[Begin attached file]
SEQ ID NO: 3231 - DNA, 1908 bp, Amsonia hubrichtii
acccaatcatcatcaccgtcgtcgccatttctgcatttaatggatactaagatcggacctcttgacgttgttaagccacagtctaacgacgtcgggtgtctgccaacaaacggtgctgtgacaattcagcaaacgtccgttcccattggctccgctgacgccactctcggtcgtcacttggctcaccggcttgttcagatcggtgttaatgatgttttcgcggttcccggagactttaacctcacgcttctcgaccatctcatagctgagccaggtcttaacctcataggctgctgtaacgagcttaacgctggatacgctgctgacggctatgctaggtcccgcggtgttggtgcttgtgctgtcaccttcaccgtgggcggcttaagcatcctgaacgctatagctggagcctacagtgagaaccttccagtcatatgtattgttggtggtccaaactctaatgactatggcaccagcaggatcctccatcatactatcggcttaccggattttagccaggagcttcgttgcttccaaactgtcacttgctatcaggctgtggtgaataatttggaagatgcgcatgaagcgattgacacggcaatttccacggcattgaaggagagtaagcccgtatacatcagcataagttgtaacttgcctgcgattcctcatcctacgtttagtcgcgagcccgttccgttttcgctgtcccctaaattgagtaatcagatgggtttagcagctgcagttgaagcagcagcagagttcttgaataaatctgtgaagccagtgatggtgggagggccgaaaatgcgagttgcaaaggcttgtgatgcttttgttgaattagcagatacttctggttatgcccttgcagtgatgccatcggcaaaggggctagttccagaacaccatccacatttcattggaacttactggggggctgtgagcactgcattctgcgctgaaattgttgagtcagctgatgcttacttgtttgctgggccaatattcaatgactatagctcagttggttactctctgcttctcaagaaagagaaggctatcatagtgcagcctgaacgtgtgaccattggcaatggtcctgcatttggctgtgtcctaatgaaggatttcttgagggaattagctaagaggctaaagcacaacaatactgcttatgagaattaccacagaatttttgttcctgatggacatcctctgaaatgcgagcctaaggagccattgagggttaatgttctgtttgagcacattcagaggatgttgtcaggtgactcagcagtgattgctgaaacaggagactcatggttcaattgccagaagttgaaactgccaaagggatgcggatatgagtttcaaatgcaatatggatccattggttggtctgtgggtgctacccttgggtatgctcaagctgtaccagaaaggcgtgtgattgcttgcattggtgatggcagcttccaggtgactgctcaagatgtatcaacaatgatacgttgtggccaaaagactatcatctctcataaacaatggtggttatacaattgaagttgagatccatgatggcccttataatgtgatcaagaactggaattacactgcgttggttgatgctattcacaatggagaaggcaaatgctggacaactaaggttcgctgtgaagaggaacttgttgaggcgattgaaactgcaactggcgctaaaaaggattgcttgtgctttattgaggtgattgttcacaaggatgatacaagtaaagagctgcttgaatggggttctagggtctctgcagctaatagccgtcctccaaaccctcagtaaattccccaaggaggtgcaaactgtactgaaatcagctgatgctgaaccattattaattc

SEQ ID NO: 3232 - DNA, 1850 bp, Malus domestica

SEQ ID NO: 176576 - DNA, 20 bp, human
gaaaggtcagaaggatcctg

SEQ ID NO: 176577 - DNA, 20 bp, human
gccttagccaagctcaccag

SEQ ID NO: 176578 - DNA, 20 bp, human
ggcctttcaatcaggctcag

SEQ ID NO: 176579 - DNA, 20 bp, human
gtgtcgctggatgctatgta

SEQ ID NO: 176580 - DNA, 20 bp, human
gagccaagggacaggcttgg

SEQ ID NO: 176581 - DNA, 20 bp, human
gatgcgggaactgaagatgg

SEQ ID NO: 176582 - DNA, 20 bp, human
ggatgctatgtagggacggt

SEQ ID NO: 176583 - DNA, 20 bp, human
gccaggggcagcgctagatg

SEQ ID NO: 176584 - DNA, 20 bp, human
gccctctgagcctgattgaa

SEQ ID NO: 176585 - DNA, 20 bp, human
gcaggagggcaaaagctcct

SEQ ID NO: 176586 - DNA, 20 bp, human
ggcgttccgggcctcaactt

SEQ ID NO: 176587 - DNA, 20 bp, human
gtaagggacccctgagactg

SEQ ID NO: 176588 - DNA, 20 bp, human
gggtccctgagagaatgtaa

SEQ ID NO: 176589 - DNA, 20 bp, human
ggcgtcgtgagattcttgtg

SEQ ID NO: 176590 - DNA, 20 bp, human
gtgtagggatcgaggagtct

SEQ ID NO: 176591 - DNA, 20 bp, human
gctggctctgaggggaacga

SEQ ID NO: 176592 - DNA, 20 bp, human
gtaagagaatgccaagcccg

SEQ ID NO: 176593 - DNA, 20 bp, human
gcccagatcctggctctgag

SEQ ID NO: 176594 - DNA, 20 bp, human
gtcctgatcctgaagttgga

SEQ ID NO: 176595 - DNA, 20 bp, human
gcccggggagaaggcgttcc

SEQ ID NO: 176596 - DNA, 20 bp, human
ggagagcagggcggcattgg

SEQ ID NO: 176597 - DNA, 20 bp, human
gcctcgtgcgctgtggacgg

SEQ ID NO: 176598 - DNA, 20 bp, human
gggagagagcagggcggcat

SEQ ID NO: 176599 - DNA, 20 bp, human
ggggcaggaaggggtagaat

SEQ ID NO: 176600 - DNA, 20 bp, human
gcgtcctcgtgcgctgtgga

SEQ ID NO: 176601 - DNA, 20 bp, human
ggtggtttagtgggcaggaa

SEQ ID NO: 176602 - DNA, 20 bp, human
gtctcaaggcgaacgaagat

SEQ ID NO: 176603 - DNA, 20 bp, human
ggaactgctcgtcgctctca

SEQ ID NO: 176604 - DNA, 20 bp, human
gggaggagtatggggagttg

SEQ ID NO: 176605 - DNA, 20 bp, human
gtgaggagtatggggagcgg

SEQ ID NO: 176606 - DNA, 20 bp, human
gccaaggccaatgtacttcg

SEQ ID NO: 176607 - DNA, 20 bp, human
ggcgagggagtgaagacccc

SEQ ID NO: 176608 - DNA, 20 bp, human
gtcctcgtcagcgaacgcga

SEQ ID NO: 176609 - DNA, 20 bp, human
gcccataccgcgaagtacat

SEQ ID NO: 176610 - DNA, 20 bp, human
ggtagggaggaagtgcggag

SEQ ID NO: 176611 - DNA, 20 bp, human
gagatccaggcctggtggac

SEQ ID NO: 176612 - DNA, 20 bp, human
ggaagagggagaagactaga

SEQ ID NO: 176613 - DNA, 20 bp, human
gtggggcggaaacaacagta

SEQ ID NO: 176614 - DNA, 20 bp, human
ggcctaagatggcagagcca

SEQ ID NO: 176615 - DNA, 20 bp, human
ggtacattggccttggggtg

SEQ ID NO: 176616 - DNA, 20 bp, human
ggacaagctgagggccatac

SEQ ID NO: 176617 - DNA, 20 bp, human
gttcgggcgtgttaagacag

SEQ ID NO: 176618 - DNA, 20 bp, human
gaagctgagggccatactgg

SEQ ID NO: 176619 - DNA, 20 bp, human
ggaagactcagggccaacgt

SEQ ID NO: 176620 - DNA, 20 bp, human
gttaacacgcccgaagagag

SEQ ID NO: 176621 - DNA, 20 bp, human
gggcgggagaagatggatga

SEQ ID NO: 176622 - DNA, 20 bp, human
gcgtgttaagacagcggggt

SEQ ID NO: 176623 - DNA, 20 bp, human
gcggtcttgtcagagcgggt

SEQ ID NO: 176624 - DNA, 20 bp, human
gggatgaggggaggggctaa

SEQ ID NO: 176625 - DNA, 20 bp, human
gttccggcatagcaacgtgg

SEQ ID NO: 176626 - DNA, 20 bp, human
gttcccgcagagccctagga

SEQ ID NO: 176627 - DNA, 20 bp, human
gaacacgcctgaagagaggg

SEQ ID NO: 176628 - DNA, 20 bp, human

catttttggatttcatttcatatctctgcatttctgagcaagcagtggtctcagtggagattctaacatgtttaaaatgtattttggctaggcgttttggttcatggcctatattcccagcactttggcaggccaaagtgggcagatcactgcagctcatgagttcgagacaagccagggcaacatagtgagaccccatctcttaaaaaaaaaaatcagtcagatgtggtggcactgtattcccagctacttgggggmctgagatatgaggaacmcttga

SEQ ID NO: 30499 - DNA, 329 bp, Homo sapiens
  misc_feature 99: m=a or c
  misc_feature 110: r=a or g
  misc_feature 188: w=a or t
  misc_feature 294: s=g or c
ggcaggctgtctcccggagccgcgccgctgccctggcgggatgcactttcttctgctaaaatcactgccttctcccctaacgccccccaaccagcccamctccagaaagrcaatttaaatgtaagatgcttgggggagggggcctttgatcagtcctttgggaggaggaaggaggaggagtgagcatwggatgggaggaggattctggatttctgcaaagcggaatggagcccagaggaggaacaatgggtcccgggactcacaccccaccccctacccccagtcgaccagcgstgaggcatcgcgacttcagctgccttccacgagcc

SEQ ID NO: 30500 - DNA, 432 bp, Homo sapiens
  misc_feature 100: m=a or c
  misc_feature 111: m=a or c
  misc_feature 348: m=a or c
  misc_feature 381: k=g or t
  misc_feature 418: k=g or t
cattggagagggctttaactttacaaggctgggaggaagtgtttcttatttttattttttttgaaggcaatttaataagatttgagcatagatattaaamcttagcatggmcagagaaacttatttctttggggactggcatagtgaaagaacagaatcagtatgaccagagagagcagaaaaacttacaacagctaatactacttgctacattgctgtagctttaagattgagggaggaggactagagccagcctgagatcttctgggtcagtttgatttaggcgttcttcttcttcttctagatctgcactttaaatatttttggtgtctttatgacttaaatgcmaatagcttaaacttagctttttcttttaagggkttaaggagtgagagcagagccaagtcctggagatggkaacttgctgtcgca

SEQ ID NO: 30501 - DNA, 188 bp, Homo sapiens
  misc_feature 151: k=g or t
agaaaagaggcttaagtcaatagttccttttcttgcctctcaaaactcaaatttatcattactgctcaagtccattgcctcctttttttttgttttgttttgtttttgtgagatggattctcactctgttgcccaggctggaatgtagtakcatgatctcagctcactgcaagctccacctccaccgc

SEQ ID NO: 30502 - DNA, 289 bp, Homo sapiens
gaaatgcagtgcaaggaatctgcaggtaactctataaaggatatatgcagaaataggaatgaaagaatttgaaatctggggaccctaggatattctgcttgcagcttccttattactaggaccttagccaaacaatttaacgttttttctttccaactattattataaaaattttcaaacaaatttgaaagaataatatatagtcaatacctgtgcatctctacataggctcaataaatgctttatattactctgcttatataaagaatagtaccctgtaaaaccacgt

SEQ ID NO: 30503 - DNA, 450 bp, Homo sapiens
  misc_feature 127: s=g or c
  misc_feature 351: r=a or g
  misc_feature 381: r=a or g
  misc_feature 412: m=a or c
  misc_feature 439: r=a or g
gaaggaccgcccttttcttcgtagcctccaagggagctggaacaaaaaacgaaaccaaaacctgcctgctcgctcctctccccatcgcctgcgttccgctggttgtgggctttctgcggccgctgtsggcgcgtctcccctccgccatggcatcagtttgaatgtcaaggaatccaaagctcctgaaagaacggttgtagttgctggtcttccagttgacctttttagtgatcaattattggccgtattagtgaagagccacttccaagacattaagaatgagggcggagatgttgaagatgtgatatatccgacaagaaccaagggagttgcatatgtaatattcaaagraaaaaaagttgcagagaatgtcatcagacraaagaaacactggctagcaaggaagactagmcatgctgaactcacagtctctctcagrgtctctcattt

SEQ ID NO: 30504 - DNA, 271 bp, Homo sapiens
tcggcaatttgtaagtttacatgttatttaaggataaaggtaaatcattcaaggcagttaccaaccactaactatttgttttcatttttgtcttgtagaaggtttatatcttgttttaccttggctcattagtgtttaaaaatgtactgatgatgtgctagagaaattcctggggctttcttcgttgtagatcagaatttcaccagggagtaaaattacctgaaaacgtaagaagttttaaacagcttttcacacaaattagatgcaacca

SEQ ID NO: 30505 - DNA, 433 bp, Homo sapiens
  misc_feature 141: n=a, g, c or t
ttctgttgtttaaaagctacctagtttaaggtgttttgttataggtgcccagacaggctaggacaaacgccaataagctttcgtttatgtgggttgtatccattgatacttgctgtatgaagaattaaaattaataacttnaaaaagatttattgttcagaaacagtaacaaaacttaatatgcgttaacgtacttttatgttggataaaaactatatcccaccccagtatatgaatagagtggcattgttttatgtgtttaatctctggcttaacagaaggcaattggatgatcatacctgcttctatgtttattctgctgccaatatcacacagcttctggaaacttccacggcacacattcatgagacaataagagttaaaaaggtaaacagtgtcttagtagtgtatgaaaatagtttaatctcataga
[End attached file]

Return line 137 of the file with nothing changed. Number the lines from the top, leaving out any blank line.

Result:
SEQ ID NO: 30505 - DNA, 433 bp, Homo sapiens